Though Wal-Mart is housing a volume of customer data more than double worldwide Internet traffic and has earned a reputation for using customer data to perfect its supply chain operation, its sales transaction data has no memory of customers, those positively identified individuals linked to their Wal-Mart interactions for both purchases and other communications history. Transaction receipts, plus properly sampled customer panels are good enough if Wal-Mart cares only about baskets, inventory, assortment, merchandizing, supplier bargain, etc., the sort of backdoor and in-store operations calling for aggregated intelligence without differentiating individual customers. But, that’s far from enough if Wal-Mart seeks customer profitability through targeted customer communications.
Paying the price for off-target marketing
Wal-Mart has been slicing and dicing its customers, but has never been able to talk to individual shoppers with direct relevancy and addressability. Lacking data for targeted communications, Wal-Mart has been broadcasting promotions widely, though its true target has been up-selling and cross-selling to “price-sensitive affluents.” These indiscriminate promotions not only confused consumers, it undermined their low-price perception of Wal-Mart. This has proved to be such a critical error that Wal-Mart just launched a $2 billion price reinvestment to repair the damage.
So it seems clear that Wal-Mart needs to embark on a plan to institute a loyalty card or similar program for a targeted audience with relevancy and differentiation beyond EDLP. But it’s unlikely to happen.
Hurdles and clashes ahead
The hurdles facing Wal-Mart may be insurmountable. It has to collect, link, and accumulate a lot of correct data about customer profiles and behavior across channels and touch points at personal levels. Even putting the intrinsic conflict with Every Day Low Price (EDLP) and potential erosion of brand equity aside, the magnitude and potential risk of managing consumer privacy for hundreds and millions of shoppers will be enough to restrain Wal-Mart at least until the U.S. privacy legislations picture become clear.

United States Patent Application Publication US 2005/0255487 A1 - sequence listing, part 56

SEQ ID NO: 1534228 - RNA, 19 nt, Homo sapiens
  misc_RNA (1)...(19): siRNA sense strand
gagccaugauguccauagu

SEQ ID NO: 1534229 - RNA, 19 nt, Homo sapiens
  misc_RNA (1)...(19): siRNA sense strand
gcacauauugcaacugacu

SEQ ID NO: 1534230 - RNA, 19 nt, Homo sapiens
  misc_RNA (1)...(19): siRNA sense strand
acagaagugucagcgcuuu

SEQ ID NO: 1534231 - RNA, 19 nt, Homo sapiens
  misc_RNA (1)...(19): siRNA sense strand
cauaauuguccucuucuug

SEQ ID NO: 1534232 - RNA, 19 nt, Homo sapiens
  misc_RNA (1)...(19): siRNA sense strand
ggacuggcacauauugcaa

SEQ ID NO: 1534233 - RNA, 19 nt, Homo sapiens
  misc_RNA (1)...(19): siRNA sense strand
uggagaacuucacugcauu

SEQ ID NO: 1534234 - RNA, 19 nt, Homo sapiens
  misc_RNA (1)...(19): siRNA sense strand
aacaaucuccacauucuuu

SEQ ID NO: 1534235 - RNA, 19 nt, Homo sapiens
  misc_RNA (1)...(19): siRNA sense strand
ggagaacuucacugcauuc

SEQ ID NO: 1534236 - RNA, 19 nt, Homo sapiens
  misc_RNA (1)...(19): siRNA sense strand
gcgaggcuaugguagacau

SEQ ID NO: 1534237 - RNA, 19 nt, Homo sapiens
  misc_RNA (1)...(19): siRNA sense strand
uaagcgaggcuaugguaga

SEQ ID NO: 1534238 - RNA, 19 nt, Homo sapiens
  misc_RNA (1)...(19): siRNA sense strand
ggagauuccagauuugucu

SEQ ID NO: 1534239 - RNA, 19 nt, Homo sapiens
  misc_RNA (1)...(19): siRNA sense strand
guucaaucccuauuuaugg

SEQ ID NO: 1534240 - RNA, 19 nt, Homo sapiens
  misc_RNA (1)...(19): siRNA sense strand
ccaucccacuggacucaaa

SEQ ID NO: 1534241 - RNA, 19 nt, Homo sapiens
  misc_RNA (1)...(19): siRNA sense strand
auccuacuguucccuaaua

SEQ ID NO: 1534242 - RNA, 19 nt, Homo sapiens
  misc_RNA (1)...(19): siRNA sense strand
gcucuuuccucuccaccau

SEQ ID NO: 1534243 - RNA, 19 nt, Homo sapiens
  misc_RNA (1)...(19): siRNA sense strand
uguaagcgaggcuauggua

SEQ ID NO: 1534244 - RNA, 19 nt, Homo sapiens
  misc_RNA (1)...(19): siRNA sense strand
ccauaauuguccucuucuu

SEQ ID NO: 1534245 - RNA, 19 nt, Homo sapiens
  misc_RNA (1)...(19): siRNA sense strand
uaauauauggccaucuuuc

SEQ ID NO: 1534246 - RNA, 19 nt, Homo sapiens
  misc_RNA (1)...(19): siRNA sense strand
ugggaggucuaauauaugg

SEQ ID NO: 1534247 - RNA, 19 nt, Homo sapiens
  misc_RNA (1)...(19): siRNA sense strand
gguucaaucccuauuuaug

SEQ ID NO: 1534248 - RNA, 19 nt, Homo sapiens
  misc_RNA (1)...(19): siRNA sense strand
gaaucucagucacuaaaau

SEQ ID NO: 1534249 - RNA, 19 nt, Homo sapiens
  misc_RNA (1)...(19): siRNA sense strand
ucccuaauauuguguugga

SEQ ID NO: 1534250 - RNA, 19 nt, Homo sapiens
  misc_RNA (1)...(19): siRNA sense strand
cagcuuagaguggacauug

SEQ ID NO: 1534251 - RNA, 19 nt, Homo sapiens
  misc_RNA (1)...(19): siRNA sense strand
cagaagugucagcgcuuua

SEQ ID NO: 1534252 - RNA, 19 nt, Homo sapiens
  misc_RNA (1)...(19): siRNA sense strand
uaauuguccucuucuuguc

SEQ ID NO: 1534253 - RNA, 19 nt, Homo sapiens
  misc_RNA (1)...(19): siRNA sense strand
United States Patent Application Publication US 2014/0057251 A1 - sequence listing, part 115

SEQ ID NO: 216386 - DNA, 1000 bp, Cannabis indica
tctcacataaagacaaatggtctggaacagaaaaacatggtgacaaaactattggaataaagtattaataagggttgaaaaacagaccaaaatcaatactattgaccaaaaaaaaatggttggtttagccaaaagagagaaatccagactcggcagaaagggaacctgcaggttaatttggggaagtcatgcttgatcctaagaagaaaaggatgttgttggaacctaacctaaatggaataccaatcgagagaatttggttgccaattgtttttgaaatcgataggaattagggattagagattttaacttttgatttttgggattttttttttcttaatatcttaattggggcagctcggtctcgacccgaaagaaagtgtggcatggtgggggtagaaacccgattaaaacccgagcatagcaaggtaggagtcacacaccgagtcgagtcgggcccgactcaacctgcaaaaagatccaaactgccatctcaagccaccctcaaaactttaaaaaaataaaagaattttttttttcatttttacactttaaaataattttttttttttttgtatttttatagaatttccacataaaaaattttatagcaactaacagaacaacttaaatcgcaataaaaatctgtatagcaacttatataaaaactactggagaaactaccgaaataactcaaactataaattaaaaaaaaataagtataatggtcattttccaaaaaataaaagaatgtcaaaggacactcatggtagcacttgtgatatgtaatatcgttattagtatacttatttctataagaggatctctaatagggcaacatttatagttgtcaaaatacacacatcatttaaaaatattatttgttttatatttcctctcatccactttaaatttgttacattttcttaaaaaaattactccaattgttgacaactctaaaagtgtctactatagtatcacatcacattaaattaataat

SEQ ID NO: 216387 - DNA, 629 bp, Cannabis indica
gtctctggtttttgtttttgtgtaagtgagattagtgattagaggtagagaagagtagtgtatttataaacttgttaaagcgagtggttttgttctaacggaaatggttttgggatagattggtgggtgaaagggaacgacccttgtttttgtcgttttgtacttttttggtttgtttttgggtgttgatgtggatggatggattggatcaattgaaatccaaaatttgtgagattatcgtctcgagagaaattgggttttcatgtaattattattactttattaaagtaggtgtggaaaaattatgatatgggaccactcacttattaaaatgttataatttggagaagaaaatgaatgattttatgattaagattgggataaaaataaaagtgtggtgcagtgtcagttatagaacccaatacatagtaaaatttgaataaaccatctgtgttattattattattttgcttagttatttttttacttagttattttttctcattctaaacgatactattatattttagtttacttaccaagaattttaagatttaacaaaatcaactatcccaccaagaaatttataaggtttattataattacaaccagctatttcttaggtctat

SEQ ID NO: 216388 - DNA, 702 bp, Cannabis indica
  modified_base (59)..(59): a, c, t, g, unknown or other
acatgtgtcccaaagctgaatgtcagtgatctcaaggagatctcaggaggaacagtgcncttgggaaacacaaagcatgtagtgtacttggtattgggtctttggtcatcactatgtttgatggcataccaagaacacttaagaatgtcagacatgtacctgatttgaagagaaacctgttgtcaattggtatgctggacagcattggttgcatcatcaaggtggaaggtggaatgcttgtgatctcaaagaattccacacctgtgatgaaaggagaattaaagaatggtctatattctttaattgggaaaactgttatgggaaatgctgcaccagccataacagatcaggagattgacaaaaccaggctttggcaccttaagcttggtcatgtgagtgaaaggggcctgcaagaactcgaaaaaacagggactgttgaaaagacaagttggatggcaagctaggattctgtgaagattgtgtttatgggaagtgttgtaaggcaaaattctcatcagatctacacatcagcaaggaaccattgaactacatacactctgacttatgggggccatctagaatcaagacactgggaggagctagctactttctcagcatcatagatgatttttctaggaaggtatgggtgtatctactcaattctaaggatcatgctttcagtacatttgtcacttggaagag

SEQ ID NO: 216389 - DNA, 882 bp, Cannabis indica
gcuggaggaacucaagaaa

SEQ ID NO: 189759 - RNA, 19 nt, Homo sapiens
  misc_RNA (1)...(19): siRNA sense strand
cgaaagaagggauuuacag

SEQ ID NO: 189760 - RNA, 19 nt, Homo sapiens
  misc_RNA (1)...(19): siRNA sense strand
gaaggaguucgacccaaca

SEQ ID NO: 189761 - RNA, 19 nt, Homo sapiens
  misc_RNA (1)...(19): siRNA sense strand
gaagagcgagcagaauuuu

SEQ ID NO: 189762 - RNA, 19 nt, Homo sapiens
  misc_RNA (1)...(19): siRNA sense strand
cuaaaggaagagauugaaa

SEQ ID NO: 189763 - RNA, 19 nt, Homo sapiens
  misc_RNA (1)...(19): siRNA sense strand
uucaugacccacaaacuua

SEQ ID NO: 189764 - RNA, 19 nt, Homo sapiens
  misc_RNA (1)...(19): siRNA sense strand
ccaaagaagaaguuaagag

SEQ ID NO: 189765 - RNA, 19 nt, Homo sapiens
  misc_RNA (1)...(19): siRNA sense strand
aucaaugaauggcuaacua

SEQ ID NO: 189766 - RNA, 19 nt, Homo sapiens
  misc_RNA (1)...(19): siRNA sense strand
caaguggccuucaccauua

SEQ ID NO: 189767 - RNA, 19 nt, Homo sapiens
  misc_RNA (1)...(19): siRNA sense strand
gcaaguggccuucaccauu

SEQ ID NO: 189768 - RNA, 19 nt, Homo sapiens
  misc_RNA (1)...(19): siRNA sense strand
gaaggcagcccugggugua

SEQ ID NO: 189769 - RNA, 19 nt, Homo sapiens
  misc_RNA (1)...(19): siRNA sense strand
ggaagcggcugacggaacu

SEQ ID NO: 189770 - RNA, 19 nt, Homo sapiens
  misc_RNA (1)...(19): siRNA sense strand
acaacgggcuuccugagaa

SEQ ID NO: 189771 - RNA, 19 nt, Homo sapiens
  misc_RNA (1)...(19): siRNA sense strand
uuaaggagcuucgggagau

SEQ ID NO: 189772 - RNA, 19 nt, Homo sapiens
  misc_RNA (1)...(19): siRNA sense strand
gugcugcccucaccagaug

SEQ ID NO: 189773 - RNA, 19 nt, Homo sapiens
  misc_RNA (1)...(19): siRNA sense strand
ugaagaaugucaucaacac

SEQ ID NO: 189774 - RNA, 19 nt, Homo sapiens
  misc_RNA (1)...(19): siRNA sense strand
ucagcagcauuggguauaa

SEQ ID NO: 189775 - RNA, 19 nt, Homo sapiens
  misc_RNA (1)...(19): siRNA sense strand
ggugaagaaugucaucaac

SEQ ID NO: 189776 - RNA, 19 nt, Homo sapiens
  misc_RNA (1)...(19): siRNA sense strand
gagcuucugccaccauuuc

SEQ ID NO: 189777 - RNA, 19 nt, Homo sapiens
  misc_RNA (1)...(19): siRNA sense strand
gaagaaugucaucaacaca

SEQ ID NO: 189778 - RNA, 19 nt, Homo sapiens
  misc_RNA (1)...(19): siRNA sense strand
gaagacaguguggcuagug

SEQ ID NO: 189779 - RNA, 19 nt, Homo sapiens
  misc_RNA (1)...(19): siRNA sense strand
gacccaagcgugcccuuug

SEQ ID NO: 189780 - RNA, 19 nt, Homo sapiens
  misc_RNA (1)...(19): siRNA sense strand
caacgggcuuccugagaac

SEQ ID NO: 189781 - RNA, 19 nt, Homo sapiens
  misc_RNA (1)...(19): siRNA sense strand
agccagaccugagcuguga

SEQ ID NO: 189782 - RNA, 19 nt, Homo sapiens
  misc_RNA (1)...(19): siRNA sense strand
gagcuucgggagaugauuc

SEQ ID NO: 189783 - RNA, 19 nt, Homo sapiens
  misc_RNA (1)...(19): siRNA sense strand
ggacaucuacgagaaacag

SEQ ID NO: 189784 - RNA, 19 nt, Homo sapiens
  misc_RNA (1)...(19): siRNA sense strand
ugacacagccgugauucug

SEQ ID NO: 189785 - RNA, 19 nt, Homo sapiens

Wal-Mart also has to deal with its low-cost culture. Envisioned by its founder and reflected in its history, Wal-Mart operates by offering one value for one customer – EDLP for the value seeker. The only value is price. Anything else – product, place, and promotion are costs to be cut for low price. Targeted marketing, coupon distribution, and message personalization all just add extra cost that is a burden to low price.
That strategy needs to evolve. Increasingly squeezed by dollar stores like Dollar General and eTailers like Amazon, as well as other retailers smart-marketing through loyalty card programs, Wal-Mart needs marketing innovation to capitalize on its huge EDLP-driven store traffic. So far, the giant retailer’s every move toward higher-margin categories has collapsed into pricing low price lower.
Wal-Mart’s inability to launch a loyalty card program represents a huge opportunity for rival retailers, in particular those who have survived Wal-Mart’s intrusion and have been running loyalty card programs. These rivals can leverage their programs as a data platform to capture and integrate multi-channel inbound and outbound communications and influence consumer decisions with customer intelligence relevant to individuals’ wants and their purchase cycles, shifting the battling focus from back door to front door to poach Wal-Mart customers whose only loyalty has been to price.
Jundong Song, Ph.D., is a partner VP of marketing intelligence and technology at 89 Degrees http://www.89Degrees.com, a next-generation marketing solutions provider that uses advanced analytics to drive better results for data-intensive marketers. He can be reached at firstname.lastname@example.org.